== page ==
Last night I wriggled and jiggled, tossed and turned as I struggled to fall asleep and remain that way. Eventually I fell into a deep sleep about 2 hours before I was due to wake. To be honest, there was nothing unusual about last night as I’m not a great sleeper – in fact, this was the third sleepless night on the trot.
When my alarm jerked me into consciousness, my body felt stiff and exhausted, as if I’d completed an Ironman. I dragged myself out of bed, showered and made my way into the kitchen where I made a cup of tea. My head felt heavy and I had absolutely no interest in going to work. I drew back the curtain and looked out at a grey depressing day. I felt angry and frustrated with myself for not sleeping but as I took my first sip of tea, I knew I had a decision to make.
I can’t undo the sleepless night or change the weather or how tired I feel, but I can choose what thoughts I’m going to fill my mind with.
I took another sip of tea and looked around my living room. My unit was warm, dry and comfortable, and given the shortage of housing in Whakatane, I knew I’d been lucky to have found something so suitable. Through the window I could see my lemon tree laden with lemons waiting to be picked. I watched two shiny young blackbirds chase each from tree to tree like teenage boys establishing their territory and for the first time this morning I smiled.
I thought about the day ahead at work and was grateful I had a job that paid the bills. When I’d returned to New Zealand at the end of last year I had looked for a job that would leave me with energy and time to write my second book. I’d found exactly that job in a small town in a beautiful part of New Zealand. My work colleagues were great and the project I’m managing fits well with my professional skills. I felt full of gratitude.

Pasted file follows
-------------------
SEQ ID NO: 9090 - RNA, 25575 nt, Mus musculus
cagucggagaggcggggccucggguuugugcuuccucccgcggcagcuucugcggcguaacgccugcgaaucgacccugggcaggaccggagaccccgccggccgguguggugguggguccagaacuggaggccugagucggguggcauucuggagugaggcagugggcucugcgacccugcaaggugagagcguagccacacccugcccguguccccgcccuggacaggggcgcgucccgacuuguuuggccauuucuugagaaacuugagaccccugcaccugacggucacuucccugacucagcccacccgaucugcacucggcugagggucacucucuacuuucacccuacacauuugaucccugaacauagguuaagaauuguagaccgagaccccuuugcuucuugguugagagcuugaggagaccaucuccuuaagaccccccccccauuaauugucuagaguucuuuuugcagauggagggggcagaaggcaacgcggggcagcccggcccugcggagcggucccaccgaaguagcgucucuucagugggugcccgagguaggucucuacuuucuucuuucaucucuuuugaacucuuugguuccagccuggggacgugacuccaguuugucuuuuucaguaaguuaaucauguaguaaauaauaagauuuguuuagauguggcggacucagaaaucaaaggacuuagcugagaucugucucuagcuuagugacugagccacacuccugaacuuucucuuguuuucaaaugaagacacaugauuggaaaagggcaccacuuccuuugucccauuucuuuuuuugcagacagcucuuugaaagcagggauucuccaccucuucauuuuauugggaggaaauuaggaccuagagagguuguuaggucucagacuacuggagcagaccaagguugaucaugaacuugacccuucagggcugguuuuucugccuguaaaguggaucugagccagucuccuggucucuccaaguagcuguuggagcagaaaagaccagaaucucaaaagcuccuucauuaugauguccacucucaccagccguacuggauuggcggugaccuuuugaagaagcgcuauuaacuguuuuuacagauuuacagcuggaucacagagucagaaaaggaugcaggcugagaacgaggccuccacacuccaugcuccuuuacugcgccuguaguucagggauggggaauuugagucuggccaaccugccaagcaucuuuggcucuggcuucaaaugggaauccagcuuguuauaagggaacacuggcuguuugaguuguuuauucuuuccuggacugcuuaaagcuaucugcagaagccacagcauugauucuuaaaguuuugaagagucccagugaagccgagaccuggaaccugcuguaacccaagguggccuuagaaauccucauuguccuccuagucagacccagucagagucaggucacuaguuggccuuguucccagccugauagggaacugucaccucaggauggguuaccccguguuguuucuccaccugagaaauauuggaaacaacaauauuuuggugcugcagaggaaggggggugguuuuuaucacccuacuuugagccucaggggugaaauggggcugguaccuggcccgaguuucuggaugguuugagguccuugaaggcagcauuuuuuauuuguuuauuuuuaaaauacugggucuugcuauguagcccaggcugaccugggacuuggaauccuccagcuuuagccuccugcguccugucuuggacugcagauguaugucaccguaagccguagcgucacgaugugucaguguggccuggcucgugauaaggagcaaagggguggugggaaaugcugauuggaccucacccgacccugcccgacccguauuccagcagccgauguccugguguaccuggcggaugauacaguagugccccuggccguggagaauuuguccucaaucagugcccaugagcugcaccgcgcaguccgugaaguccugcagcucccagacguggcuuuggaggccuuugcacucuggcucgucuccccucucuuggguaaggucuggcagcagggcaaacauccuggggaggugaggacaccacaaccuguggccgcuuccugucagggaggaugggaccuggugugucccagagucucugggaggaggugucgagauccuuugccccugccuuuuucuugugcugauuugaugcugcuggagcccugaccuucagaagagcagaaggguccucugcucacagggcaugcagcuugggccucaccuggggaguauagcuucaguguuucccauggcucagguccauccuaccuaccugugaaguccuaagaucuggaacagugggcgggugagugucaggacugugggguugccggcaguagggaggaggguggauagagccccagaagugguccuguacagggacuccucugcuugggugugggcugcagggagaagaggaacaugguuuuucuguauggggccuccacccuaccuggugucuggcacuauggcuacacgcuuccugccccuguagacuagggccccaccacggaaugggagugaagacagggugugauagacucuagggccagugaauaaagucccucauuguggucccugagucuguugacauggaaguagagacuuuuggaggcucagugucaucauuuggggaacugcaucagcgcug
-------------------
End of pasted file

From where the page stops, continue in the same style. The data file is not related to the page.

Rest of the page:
I gulped down the last of my tea but my head still ached, so I tossed back a couple of paracetamol pills. After pulling on my coat, I let myself out the door. Work was a 15 minute walk away and I knew the stiffness in my body would be gone by the time I arrived at work. The fresh wind felt great on my face as I headed up the driveway.
As I walk to work, I know I’m sleep deprived and I expect there to be times today when I’ll struggle to function at my best, but that’s OK. I keep choosing to focus on all I have to be thankful for and my tiredness begins to lose its stranglehold on me.
Sixty years ago a neurologist and psychiatrist was imprisoned in a Nazi death camp. He was separated from his wife and parents and never saw them again. He was forced to work as a slave laborer and watched his friends die slow, miserable deaths. His name was Victor Frankl and this is what he had to say:
“Everything can be taken from a man or a woman but one thing: the last of human freedoms to choose one’s attitude in any given set of circumstances.”
My tiredness does not for a moment compare with the experiences that Victor Frankl went through, but today I have to choose what I’m going to focus on and whether I’m going to be grateful for the blessings in my life.
No matter how you feel, what struggles or challenges you are facing or what has happened in the past, every day you choose your attitude and what you fill your mind with.
What attitude do you choose today?
Image by Alon